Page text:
The Astros, who will begin interviewing candidates Wednesday for their managerial position, have informed franchise icon Jose Cruz that he will not return as first-base coach next year and instead have offered him another position in the organization.
Additionally, hitting coach Sean Berry will return in his current role, but pitching coach Dewey Robinson informed the team he was going to pursue other opportunities. Bench coach Ed Romero will manage at rookie league Greeneville next year, and bullpen coach Mark Bailey will become hitting coach at Double-A Corpus Christi.
"We had indicated we would let them know what their status was after a new manager was hired, but the more we talked about that internally and realized the process would take a while, we didn't think that was fair," Wade said.
Wade said Dave Clark, who managed the team on an interim basis in the final 13 games and will interview for the manager position Wednesday, will return to the staff if he doesn't get the managerial job. He served as third-base coach last season.
Wade and president of baseball operations Tal Smith met with each coach individually in New York during the final series of the season and laid out the club's plans for the staff for 2010.
On Tuesday, Cruz was offered a position as an administrative coach for home games, which would allow him to be in uniform during batting practice and sit in the general manager's box during the game. When the club is on the road, Cruz would work as a community outreach executive in a role similar to the ones Larry Dierker and Jimmy Wynn occupy. Cruz also would be a part the field staff for all of Spring Training.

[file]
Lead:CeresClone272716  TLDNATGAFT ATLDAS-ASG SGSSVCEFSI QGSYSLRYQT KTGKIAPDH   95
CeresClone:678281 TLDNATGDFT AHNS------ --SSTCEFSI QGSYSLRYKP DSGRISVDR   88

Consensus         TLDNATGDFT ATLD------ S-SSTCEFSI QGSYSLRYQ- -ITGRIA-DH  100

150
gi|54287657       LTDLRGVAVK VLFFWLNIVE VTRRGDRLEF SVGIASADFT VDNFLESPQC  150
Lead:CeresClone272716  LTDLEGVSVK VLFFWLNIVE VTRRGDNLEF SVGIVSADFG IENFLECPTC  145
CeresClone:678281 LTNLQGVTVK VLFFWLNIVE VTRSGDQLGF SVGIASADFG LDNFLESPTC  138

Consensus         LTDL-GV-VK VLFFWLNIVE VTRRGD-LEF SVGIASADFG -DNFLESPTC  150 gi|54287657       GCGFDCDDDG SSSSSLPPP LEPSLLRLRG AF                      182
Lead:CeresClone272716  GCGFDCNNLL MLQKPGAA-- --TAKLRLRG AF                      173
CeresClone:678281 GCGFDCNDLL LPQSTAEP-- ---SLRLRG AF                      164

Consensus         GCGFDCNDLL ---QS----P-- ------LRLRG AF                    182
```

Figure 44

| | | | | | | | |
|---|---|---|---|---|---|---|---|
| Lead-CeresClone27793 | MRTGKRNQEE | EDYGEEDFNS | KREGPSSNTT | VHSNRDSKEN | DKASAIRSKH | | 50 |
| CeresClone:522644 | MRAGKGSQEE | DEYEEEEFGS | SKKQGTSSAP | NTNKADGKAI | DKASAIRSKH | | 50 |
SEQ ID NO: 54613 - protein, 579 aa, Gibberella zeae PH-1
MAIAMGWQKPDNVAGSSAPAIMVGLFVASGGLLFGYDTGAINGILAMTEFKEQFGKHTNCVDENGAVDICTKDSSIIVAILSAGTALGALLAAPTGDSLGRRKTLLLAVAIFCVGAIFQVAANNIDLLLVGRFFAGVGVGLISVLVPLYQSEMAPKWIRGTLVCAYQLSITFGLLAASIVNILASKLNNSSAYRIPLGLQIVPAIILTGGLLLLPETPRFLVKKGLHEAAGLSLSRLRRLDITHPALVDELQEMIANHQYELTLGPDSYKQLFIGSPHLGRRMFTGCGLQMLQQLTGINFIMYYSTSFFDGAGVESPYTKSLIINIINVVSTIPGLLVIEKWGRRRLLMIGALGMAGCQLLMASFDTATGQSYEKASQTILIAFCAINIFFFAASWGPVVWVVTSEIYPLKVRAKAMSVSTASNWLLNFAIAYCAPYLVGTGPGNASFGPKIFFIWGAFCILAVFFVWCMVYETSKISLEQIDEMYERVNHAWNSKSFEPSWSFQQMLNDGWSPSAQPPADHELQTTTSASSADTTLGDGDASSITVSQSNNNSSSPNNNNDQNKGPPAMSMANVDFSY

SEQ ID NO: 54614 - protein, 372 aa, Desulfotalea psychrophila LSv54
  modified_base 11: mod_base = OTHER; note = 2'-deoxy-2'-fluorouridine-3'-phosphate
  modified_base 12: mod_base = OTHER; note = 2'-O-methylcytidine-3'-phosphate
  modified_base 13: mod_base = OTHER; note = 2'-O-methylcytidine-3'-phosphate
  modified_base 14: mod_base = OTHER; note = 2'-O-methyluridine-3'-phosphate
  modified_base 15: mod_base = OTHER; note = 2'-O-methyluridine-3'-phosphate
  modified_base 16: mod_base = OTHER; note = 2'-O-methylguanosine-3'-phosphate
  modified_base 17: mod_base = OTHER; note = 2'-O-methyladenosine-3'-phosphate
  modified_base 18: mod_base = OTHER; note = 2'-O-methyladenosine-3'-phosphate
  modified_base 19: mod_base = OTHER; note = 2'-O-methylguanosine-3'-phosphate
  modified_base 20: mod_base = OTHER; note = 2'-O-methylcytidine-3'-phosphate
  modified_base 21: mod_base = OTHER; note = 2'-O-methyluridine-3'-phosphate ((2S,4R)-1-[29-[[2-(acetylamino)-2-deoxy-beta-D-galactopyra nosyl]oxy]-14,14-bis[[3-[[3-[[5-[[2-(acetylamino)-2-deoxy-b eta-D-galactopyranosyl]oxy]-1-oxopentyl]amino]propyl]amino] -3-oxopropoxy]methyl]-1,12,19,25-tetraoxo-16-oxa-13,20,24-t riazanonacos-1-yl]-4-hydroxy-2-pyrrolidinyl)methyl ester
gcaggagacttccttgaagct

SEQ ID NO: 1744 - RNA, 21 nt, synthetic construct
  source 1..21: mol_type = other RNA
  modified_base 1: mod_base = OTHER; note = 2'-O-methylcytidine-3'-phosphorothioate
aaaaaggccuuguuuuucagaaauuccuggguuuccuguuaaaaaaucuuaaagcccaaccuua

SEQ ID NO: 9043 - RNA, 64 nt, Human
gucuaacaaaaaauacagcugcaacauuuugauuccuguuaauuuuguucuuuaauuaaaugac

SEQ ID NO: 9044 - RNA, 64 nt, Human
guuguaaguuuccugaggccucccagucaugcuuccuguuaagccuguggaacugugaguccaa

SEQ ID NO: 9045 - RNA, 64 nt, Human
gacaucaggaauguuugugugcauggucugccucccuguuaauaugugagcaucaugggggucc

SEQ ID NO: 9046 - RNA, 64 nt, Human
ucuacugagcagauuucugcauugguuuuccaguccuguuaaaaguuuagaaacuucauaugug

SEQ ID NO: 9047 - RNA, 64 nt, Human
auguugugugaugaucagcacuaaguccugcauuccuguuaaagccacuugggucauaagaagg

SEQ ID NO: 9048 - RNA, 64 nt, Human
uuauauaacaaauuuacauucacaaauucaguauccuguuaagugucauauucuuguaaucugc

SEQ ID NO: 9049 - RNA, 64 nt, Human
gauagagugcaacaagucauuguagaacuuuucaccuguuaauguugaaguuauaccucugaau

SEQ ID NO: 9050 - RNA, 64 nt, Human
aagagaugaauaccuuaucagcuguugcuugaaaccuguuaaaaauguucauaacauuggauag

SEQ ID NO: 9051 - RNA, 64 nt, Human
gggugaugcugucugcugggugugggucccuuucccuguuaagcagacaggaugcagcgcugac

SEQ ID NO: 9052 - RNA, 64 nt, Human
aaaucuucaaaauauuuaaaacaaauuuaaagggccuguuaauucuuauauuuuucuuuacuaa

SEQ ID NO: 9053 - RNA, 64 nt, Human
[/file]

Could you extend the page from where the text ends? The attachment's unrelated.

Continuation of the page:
"I told them I was going to think about it with my wife and myself," said Cruz, a four-time club Most Valuable Player who just completed his 13th season as first-base coach.
Wade said Robinson declined a position within the developmental program to pursue other opportunities, but Berry, who took over as hitting coach midway through the 2006 season, was thrilled to return.
"I work my tail off," said Berry, who had surgery May 8 to remove a kidney with a cancerous tumor. "I have put my heart and my soul into the Astros, and some body parts, too. I'm excited. I'm disappointed with last season for sure, but I always try to look at the positive."
Cruz, 62, is one of the most popular players in franchise history. He ranks near the top of the club's offensive charts in several categories and had his No. 25 retired in 1992. Cruz said he met with Wade and Smith at the Astros offices on Tuesday and was told of the club's decision.
"I didn't know what to say," he said. "I don't think I was ready for that. I was thinking something else. I was surprised. I had so many years as a coach, 13 years, and it will bother me for a little bit, but I didn't have much to say. That's part of the game.
"You start from the bottom and work all the way up. I think I was proud of my coaching job in the outfield and coaching first base. I was happy with that."
Cruz has been involved in all nine of the Astros' postseason appearances as a coach or player. He made the first three trips to the playoffs as a player and still holds the club record for most triples in a career.
"I just hope everything will be good for the club," Cruz said. "I will think about it for two or three days and see what happens. I'm going to be all right. I've got to get my head straight. Tal Smith has always been good to me, and Ed Wade. I'm just a little surprised, that's all. I just need a couple of days."
Brian McTaggart is a reporter for MLB.com. This story was not subject to the approval of Major League Baseball or its clubs.